MONCTON – A lot of things have been going well for SnapAP. The company won a national award last month and is bringing its finance optimization software to Money20/20 in Las Vegas this month.
SnapAP is one of 10 Atlantic Canadian fintech companies that Venn Innovation will bring to the major fintech conference that takes place on October 27-30.
The company recently won the Gold Award in the Next Generation Channel Innovator category at the Channel Innovation Awards, a national competition held by Channel Daily News. It’s also part of the current cohort of Propel’s Incite program.
But its story starts way before it came to life in January this year.
SnapAP is “version 2.0” of a consulting firm that CEO J.D. Drapeau co-founded, says VP of business development and co-owner Sionne Roberts.
The firm had helped businesses improve and streamline their financial operations, including by making sure invoices are correct and complete the first time they’re entered. The firm served a clientele that included multinationals in the mining and natural resources sector. Drapeau, a coder, created proprietary software to aid in that work.
When Drapeau’s business partner decided to retire, he sought to monetize the software. Some 18 months ago, Roberts and Drapeau transformed it into a cloud-based Software-as-a-Service (SaaS) offering, and SnapAP was born.
SnapAp currently has five employees, including Roberts and Drapeau. The company targets the procure-to-pay market and accounts payable automation.
“We’re basically stripping off the consulting piece and then we’ve added some new features to the software itself. But in terms of the history and what we’ve done, we’ve actually managed the processing of $2 billion worth of payments from our clients to their suppliers [using the software],” Roberts said.
SnapAP automates data entry in companies’ accounts payable departments and decreases the chances of errors happening in the first place.
“The problem is you might apply automation to a flawed approach and what you’re doing there is you’re increasing the volume of mistakes that you’re having to fix later,” Roberts said. “But we go a little bit further upstream … You check off all the boxes at the outset and then at the later stages your accounts payable, your invoice, is almost a rubber stamp at that point.”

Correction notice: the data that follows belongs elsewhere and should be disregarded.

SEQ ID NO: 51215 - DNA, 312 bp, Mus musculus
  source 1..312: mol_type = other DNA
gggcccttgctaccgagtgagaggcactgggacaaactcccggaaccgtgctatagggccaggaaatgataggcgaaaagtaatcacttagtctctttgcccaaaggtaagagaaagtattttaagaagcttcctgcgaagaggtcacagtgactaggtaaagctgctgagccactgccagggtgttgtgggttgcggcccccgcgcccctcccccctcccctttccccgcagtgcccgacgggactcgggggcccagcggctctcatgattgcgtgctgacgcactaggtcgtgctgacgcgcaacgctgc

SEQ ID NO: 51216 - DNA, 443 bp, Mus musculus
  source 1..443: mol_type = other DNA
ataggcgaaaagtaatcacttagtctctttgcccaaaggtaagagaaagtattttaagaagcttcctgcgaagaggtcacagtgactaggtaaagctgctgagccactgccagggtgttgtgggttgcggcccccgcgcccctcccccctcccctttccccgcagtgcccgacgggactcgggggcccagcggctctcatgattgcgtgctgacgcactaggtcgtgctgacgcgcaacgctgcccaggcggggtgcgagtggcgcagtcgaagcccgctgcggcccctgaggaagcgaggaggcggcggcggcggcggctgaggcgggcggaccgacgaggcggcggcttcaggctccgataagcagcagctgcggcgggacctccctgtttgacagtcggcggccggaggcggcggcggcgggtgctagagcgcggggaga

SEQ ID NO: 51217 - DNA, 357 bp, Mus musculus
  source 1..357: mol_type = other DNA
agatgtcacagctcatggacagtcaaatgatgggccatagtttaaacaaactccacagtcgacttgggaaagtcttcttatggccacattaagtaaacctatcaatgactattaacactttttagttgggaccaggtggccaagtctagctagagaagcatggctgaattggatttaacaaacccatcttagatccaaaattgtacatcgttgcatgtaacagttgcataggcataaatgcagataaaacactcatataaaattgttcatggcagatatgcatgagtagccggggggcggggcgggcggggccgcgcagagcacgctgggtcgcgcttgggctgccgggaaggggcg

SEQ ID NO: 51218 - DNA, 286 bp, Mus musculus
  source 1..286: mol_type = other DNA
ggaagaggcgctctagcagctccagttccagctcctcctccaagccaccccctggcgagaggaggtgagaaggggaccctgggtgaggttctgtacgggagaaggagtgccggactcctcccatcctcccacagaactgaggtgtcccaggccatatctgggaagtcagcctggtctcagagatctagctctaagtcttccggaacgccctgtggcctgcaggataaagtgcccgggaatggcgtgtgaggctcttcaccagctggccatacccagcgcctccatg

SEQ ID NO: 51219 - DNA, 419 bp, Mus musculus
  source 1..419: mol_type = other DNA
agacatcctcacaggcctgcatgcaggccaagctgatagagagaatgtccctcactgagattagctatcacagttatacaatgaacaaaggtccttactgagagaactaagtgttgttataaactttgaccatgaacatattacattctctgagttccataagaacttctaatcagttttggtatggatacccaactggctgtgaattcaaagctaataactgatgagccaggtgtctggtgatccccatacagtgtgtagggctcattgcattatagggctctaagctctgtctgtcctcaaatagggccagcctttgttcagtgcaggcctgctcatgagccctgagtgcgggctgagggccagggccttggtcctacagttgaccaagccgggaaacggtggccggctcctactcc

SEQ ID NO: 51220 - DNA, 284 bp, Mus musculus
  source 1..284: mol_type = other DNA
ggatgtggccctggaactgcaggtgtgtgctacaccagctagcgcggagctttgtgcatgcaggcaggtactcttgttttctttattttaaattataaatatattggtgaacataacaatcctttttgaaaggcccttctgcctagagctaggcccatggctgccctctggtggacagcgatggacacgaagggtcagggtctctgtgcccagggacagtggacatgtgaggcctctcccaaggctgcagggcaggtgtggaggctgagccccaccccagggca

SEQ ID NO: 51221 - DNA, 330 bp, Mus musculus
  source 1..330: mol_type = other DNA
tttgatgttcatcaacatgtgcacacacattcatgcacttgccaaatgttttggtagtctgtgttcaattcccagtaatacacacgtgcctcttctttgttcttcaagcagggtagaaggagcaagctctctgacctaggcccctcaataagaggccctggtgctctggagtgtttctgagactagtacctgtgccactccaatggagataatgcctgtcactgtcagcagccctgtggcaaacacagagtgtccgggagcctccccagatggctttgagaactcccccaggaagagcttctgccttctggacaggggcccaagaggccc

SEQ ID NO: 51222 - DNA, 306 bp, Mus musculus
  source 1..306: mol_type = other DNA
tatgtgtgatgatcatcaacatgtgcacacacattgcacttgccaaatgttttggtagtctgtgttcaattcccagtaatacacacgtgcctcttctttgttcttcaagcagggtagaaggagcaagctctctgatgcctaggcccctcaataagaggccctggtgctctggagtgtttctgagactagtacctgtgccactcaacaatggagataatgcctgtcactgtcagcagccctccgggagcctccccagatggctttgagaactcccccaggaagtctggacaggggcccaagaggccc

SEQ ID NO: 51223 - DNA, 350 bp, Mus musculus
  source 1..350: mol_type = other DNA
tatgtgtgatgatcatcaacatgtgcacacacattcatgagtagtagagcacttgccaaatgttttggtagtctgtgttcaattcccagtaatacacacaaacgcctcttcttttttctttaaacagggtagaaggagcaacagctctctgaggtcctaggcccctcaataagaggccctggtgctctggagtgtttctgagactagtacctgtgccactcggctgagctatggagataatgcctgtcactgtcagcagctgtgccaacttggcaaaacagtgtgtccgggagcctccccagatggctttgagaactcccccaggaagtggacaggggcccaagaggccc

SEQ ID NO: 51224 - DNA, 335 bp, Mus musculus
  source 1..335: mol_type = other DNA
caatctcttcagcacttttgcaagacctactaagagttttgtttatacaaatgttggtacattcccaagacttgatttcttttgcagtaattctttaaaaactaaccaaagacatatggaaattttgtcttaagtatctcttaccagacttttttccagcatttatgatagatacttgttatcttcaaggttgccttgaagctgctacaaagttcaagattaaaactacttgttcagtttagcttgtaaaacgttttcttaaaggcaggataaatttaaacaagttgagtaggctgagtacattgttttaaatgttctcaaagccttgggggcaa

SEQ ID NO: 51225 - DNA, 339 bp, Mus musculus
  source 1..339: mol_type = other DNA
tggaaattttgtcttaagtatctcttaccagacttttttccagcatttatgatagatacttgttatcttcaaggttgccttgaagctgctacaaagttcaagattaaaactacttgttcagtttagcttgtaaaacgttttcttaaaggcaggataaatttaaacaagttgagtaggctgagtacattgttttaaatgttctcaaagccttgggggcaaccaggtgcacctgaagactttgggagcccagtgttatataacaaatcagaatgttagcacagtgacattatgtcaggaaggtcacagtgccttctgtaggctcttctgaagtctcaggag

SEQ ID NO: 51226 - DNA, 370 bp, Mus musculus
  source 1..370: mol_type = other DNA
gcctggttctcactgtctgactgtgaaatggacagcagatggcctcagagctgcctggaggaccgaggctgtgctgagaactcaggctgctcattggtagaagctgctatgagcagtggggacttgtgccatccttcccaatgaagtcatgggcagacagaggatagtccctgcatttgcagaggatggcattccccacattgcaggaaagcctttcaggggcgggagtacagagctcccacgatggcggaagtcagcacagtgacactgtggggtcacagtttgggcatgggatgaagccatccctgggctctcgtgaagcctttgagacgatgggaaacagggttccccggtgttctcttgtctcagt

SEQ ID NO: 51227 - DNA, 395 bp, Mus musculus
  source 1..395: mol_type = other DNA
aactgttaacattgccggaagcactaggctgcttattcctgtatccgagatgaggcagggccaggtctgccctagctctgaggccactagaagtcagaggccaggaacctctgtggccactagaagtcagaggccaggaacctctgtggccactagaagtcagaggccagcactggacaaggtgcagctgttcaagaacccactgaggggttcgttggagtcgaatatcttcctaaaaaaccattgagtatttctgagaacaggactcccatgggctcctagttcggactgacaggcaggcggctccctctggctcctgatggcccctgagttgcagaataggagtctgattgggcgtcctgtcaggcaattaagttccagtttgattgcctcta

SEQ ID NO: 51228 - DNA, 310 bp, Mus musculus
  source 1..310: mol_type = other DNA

This could save companies a lot of time and resources, Roberts said.
“For example, invoices being paid in weeks can be paid in minutes, and invoices that would cost on average $100 to process now they’re down to $2,” Roberts said. “It’s a bold claim and I don’t like to talk about it sometimes, but companies are really inefficient and they can do a lot better.”
In preparation for Money20/20, SnapAP has been working with Venn and its partners to set up industry connections. At the conference, the Atlantic Canadian delegation will show a united front.
“We’re going to try to sell not just our companies but also our region at Money20/20, and raise our profile so that maybe we do get investors from New York, or entrepreneurs that are trying to establish an office where it’s very economical but you still have a good labour force,” Roberts said.
Under the mentorship of Venn’s entrepreneur-in-residence Alicia Ismach, SnapAP is looking into the roles it could play in the fintech sector. It’s had conversations with Visa for a possible partnership in the push payments space, which would allow customers to use the Visa network to pay suppliers instead of going through their banks.
SnapAP can enable customers to choose their payment provider, set terms of payment, manage payments to align with cash flow and discount offerings, and transfer money between U.S. and Canadian bank accounts cheaper and faster.
The company is also in contract talks with a major re-seller of the Sage 300 accounting software for small and medium-sized businesses. The deal would allow SnapAP to tap into the reseller’s network of around 10,000 companies and generate revenue for expansion.
Roberts expects the company’s headcount will grow to 15 in the next few years, in addition to funding from NBIF and ACOA.
Having worked in startups and technology for more than two decades, including in Silicon Valley in the 90s, Roberts sees “so much positive momentum” in New Brunswick’s startup ecosystem. But he wishes stories of success and innovation are better known.
“Whenever I talk to funding agencies or local resources…they don’t always know as much about what’s going on as everyone else does,” he said. “And as entrepreneurs, it’s a real missed opportunity for people to not take advantage of mentorship, programs or networking.”
“We’re very humble, we’ve very nice people, but the bad news is we could probably benefit from a little more of honesty and sharing of our stories.”